About four weeks ago, our generator suddenly went from normal output to having far less power. Instead of the 10+ kW it normally produced, it could only generate 7 kW. We worked through the Northern Lights diagnostic procedure and concluded we had a valve or valve seat problem on #3 cylinder exhaust. The steps we took and the conclusions we reached are documented in the video below, Diagnosing Low Power Output on a 12kW Generator.
We concluded that the engine problem was very likely a failed exhaust valve seat on #3 cylinder. We were fairly confident we understood the problem, but you never know with certainty until the engine is apart. We’d been holding off taking the generator apart since it’s still our backup power source even though it’s suffering from internal mechanical problems.
Last Friday night the new cylinder head and other seals and gaskets needed for this job arrived here in Stornoway. Within minutes of the ferry arriving, a Stornoway Port Authority worker had transported the fairly heavy parts all the way to our boat, since they knew we were anxious to get this generator back online. Our thanks to everyone who works at the port. They have all been very helpful to us and we really appreciate it.
Saturday morning, the old head came off. The #3 exhaust valve, at the far left in the photo above, was visibly much higher in the cylinder head than the rest of the valves (click image for a larger view). For context, the clearance in the valve train, also known as valve lash, is adjusted in thousands of an inch. But this problem is visible from a meter away without accurate measuring tools.
In the picture above we’ve turned the old cylinder head over to have a more detailed look at the problem. The combustion chamber looks normal, where it’s all black with light carbon deposits. Here we’ve scrapped the carbon off and rust is visible beneath, which suggests there may have been water intrusion sometime in the distant past.
We have carefully checked the exhaust against the manufacturer’s specifications and this installation meets their specifications. We’ve also checked for excessive water flow back into the water lift muffler on engine shut-down. If excessive water is in the muffler, it can splash back up into the engine in rough water. That doesn’t appear to be a problem either. Nonetheless, it looks like there has been some water in this engine sometime in the past. We need to dig deeper into this issue.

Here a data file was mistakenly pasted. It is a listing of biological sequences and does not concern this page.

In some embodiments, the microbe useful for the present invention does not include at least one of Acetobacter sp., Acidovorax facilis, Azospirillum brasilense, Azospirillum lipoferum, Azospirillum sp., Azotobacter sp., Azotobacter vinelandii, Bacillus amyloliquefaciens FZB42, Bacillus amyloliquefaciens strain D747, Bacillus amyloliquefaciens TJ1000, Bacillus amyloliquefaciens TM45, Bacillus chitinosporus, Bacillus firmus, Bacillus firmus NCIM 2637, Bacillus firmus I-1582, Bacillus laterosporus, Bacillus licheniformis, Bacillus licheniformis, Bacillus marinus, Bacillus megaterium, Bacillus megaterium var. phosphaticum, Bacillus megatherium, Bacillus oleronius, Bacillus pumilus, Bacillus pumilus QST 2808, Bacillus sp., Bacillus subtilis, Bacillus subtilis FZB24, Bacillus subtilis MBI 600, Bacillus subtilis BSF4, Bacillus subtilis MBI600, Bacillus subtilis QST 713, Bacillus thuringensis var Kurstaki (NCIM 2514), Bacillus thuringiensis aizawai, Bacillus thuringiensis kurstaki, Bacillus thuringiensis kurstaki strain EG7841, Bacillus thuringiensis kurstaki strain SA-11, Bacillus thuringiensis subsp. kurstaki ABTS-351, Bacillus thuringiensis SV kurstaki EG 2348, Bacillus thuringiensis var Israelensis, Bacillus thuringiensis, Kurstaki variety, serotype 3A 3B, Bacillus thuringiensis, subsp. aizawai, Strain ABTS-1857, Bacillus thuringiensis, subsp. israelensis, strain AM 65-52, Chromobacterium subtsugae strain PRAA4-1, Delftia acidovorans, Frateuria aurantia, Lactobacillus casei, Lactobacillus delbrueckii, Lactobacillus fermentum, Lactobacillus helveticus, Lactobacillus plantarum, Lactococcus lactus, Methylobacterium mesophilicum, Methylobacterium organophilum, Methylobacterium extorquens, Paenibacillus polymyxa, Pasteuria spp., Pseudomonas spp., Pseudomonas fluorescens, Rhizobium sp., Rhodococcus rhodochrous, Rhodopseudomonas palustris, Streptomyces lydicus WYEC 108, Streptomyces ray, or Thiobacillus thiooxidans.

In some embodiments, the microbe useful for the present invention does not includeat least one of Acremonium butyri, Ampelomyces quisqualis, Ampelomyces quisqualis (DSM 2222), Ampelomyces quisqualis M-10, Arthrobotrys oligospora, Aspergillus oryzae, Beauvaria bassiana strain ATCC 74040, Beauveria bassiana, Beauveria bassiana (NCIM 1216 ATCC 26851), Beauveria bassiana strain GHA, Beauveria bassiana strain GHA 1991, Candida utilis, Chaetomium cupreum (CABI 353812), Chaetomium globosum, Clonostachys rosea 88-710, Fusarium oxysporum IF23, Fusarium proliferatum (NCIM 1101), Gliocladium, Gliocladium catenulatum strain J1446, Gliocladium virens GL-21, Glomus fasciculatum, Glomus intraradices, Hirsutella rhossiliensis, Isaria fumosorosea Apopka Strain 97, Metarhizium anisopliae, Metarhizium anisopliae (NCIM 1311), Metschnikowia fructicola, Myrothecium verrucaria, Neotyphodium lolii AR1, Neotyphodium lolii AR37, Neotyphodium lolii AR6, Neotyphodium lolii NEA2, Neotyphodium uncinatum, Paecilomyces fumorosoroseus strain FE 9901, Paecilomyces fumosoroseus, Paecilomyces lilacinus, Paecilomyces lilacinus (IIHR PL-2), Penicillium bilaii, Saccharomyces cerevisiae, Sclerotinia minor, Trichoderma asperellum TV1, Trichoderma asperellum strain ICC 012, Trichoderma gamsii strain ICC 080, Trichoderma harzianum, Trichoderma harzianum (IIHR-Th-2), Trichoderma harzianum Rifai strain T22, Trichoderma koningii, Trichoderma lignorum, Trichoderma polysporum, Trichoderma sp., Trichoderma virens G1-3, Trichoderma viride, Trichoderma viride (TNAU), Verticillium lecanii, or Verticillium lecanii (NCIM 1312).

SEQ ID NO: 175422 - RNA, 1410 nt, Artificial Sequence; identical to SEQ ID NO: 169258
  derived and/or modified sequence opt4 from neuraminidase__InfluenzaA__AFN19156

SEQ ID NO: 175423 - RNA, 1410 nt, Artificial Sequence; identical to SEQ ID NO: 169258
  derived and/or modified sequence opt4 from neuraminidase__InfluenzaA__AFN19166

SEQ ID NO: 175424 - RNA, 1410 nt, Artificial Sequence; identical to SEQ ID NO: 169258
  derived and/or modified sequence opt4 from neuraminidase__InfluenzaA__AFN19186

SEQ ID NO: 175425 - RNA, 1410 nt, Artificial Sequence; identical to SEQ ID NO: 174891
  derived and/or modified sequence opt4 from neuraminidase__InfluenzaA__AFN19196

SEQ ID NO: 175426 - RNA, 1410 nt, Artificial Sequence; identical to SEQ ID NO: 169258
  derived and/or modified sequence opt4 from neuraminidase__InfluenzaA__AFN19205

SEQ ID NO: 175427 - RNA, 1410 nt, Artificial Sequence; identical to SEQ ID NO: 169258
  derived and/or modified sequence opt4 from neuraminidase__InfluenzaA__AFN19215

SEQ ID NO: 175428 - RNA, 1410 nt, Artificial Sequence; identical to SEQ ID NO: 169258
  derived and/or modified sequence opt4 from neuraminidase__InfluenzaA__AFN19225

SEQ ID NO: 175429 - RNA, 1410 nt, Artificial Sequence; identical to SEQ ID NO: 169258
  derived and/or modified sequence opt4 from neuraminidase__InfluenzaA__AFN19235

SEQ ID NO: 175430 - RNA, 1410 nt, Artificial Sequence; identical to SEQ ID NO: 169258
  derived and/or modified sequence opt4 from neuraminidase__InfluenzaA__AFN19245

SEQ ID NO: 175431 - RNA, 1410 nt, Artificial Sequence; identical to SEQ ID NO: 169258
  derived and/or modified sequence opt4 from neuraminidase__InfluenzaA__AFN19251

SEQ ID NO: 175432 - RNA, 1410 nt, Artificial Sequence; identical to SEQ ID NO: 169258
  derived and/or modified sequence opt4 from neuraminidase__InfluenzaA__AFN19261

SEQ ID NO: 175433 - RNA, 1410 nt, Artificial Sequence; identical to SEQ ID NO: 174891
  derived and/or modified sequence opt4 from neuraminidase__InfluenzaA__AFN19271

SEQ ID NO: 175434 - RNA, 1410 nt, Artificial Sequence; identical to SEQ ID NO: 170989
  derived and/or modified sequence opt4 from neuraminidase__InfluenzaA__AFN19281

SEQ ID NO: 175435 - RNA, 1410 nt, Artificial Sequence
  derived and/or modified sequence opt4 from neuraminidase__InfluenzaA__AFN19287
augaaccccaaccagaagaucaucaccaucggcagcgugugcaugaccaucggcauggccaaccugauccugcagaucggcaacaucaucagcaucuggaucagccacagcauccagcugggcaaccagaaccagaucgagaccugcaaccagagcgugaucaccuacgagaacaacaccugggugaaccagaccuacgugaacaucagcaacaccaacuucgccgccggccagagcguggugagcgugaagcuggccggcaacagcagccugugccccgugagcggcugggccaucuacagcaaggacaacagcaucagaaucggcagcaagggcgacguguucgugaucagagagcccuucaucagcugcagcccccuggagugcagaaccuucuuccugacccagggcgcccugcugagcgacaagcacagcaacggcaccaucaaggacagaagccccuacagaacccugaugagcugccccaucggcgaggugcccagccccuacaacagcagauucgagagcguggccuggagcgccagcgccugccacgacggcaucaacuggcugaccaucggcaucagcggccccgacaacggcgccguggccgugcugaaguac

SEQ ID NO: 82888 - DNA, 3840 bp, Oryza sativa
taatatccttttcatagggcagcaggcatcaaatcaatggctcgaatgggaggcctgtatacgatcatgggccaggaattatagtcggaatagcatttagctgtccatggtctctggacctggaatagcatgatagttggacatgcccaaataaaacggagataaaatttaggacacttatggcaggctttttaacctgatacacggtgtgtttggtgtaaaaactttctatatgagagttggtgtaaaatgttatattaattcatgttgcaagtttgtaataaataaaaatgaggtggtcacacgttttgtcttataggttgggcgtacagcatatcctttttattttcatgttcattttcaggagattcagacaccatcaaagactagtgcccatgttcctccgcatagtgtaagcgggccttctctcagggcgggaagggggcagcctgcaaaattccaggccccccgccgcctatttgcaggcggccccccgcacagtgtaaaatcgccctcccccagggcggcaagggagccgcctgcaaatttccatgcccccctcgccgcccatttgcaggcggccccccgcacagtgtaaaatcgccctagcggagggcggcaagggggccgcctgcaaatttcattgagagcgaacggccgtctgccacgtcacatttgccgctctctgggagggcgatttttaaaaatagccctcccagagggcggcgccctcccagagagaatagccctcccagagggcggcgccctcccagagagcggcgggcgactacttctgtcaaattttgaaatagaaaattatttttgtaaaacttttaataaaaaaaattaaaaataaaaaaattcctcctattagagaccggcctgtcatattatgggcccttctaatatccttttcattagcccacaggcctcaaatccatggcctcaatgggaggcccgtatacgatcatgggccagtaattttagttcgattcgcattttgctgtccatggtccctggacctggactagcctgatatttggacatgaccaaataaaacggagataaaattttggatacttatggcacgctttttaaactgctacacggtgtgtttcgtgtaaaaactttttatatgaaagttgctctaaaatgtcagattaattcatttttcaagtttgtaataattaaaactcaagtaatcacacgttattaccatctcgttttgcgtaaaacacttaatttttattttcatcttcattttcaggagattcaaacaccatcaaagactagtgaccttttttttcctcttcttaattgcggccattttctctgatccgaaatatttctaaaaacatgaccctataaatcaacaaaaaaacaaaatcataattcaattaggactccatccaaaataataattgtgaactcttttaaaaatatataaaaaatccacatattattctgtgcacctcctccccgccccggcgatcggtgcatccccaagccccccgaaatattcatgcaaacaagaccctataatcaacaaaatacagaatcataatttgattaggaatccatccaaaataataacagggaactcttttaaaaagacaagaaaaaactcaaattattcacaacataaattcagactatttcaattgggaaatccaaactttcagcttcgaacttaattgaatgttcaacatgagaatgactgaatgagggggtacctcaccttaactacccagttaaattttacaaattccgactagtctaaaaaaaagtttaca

We don’t have the right tools to remove the valves, but the valve springs are fairly light on this small engine so we were able to remove them and have a more detailed look at the valves.
In the picture above, we’ve removed the exhaust valves from cylinders #2 and #3. The #3 exhaust valve seat has recessed a long way into the cylinder head. Sufficiently so that this cylinder head no longer is serviceable, since these heads don’t use removable valve seats. Both of the removed valves have very poor sealing surfaces. A normal valve would have a polished section where the valve contacts the seat. These valves have been sealing poorly and leaking.
We also checked the intake valves and saw the same thing. They also have been leaking. All the valves and seats are in poor condition. Looking at the removed valve heads in the pictures above, we see that there is a section in each that is heavily corroded (click image for a larger view). But most of the valve is not corroded at all. Valves rotate in the cylinder head in normal operation, so seeing valves with corrosion on just one side suggests they were in sea water, but probably only once. And for damage to occur, they would have had to had sat like that for days, if not weeks.
As the valve lash reduces, it has little impact on engine operation, until it starts to hold the valve open. At that point, an entire cylinder stops producing power. That’s why the output suddenly dropped from 10+ kW to 7 kW. And it’s also why the generator can sustain 7 kW even though an entire cylinder is not operating. Unsurprisingly, it’s running at roughly two-thirds of its normal output, since it has two out of three cylinders operating.
During our North Atlantic crossing back in 2017, we saw some very rough water (see video North Atlantic Gales). Our hypothesis is some seawater splashed into the engine from the muffler during those storms. It may even be the case extreme heel angle or large wave pressures forced water in from outside through the exhaust system and all the way into the engine. And since we landed at a marina with good power in Kinsale, Ireland, the generator didn’t run for weeks after the trip.
We suspect some sea water was in this engine for a few weeks after the North Atlantic crossing. This caused only minor corrosion in the valve and seat area, but is probably why the engine needs valves and seats at 6,700 hours rather than 15,000 to 20,000 hours.
The lesson we take away from this inspection is, whenever the boat sees extreme weather or is knocked down, we will run all engines and the furnace to ensure all are clear and no moisture is anywhere in the system. It’s a good lesson and one we’ll follow going forward.